First Nations’ talent shines at Queensland mining awards

Thiess mining supervisor Nicole Shibasaki has been named as the Exceptional Indigenous Person in Queensland Resources at the Queensland Resources Council (QRC) Indigenous Awards gala in Brisbane.

As a proud Wulli Wulli woman and the first Indigenous female supervisor at the Caval Ridge metallurgical coal mine, Shibasaki is breaking new ground for those around her wanting to take a similar path.

This year’s Indigenous Advocacy in Queensland Resources award winner is Brisbane-based Indigenous business owner, Joseph Wallace, the managing director and founder of Multhana Property Services; a Supply Nation-certified Indigenous business.

With a vision to create better employment and upskilling opportunities for First Nations Australians across South-East Queensland, Wallace actively fosters an inclusive environment to support his employees and works closely with clients to help them meet their Reconciliation Action Plan (RAP) or Queensland Indigenous Procurement Policy (QIPP) objectives.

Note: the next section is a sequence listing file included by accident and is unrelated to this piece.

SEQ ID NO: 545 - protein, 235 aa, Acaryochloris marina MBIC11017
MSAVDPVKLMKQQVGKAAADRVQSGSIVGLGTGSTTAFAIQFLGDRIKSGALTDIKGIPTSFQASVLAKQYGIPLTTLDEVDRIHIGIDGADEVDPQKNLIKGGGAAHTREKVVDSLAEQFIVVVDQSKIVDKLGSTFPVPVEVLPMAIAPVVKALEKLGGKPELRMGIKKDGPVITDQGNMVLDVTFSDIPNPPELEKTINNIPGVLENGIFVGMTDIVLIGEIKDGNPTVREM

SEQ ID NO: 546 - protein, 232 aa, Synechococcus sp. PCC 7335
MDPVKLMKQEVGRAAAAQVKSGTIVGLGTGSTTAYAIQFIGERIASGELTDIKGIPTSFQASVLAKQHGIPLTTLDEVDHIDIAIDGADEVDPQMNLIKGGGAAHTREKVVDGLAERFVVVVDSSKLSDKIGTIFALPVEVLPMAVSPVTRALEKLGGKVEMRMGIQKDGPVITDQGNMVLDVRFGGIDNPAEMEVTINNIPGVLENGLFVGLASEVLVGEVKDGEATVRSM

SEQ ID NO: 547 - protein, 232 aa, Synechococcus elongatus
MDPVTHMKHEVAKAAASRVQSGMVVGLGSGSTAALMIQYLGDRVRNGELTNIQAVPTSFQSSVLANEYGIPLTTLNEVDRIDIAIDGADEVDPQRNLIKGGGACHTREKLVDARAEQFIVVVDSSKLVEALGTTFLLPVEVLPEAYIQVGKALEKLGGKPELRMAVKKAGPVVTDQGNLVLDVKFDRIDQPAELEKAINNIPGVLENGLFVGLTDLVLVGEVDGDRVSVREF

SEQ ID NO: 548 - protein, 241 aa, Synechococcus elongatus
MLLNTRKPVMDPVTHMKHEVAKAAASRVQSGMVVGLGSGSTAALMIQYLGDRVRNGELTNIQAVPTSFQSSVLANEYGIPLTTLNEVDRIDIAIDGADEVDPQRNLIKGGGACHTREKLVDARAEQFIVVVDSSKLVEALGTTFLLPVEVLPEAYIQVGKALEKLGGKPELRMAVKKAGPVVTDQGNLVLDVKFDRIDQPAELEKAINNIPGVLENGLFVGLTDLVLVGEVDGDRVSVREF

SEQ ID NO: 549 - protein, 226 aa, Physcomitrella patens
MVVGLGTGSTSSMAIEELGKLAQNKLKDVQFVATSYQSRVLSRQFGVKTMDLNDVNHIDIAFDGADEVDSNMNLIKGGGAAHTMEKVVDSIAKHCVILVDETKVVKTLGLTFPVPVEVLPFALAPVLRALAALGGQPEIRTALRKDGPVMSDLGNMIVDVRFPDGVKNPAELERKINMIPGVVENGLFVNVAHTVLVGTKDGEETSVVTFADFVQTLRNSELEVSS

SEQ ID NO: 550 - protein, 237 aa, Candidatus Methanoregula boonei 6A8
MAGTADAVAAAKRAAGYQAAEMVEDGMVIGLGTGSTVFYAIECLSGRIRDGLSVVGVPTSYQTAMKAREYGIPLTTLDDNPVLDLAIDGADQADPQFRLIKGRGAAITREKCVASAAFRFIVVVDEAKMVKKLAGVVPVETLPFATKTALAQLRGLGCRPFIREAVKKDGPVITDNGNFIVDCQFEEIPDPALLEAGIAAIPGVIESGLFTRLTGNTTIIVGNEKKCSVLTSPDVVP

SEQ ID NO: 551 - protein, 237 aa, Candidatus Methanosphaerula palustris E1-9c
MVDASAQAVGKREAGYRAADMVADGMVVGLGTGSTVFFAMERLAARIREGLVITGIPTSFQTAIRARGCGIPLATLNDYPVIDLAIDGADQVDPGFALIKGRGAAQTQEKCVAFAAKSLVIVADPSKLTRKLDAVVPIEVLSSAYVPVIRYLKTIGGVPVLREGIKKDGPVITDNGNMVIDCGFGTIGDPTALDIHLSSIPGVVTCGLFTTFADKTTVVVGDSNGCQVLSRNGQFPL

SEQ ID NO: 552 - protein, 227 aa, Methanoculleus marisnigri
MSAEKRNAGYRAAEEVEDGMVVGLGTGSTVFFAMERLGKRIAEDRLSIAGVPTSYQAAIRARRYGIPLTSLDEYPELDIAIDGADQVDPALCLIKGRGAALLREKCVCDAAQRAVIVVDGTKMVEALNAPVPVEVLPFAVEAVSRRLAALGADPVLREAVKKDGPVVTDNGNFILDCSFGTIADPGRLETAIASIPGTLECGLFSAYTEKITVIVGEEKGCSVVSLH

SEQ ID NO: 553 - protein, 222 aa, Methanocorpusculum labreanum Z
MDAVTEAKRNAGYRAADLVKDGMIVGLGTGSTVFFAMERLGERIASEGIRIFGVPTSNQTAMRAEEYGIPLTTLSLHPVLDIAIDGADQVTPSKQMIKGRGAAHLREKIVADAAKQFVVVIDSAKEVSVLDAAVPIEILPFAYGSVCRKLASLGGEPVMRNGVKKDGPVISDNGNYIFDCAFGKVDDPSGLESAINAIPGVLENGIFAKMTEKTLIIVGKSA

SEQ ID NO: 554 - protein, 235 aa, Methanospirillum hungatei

QRC Chief Executive Ian Macfarlane said the pair were both outstanding examples of the world-class workforce behind the state’s resources sector, which contributed $84.3 billion to the state economy in 2020-21.

“The door is wide open for more Indigenous people to follow trade and professional career paths into Queensland’s minerals and energy sector, with new data revealing jobs for First Nations people increased by almost 16 per cent in 2020-21,” he said.

The council’s latest Indigenous Participation Report shows more Indigenous people than ever before now work in Queensland’s resources sector, earning an annual average income of about $121,000.

He said the report reveals resources companies continue to be Queensland’s leading private sector employer of Indigenous people.

“Another stand-out result contained in the upcoming report is that 33 percent of our Indigenous workforce are now women, which exceeds our current overall female employment rate of 20 percent,” he said.

“We hope figures like this encourage more Indigenous women, and more women in general, to work in our sector or to pursue a trade or tertiary pathway to get there.

“Our industry’s workforce will continue to be our best asset, as resources companies move to lower emissions, use more renewable energy and reduce their environmental impact.”

Macfarlane said the QRC’s highly successful Queensland Minerals and Energy Academy (QMEA) is playing a key role in growing the state’s young Indigenous skills pipeline.

“The Next Step Destination Data shows that of the Indigenous students who went into an apprenticeship or traineeship from QMEA schools, more than a third went into the mining industry,” he said.

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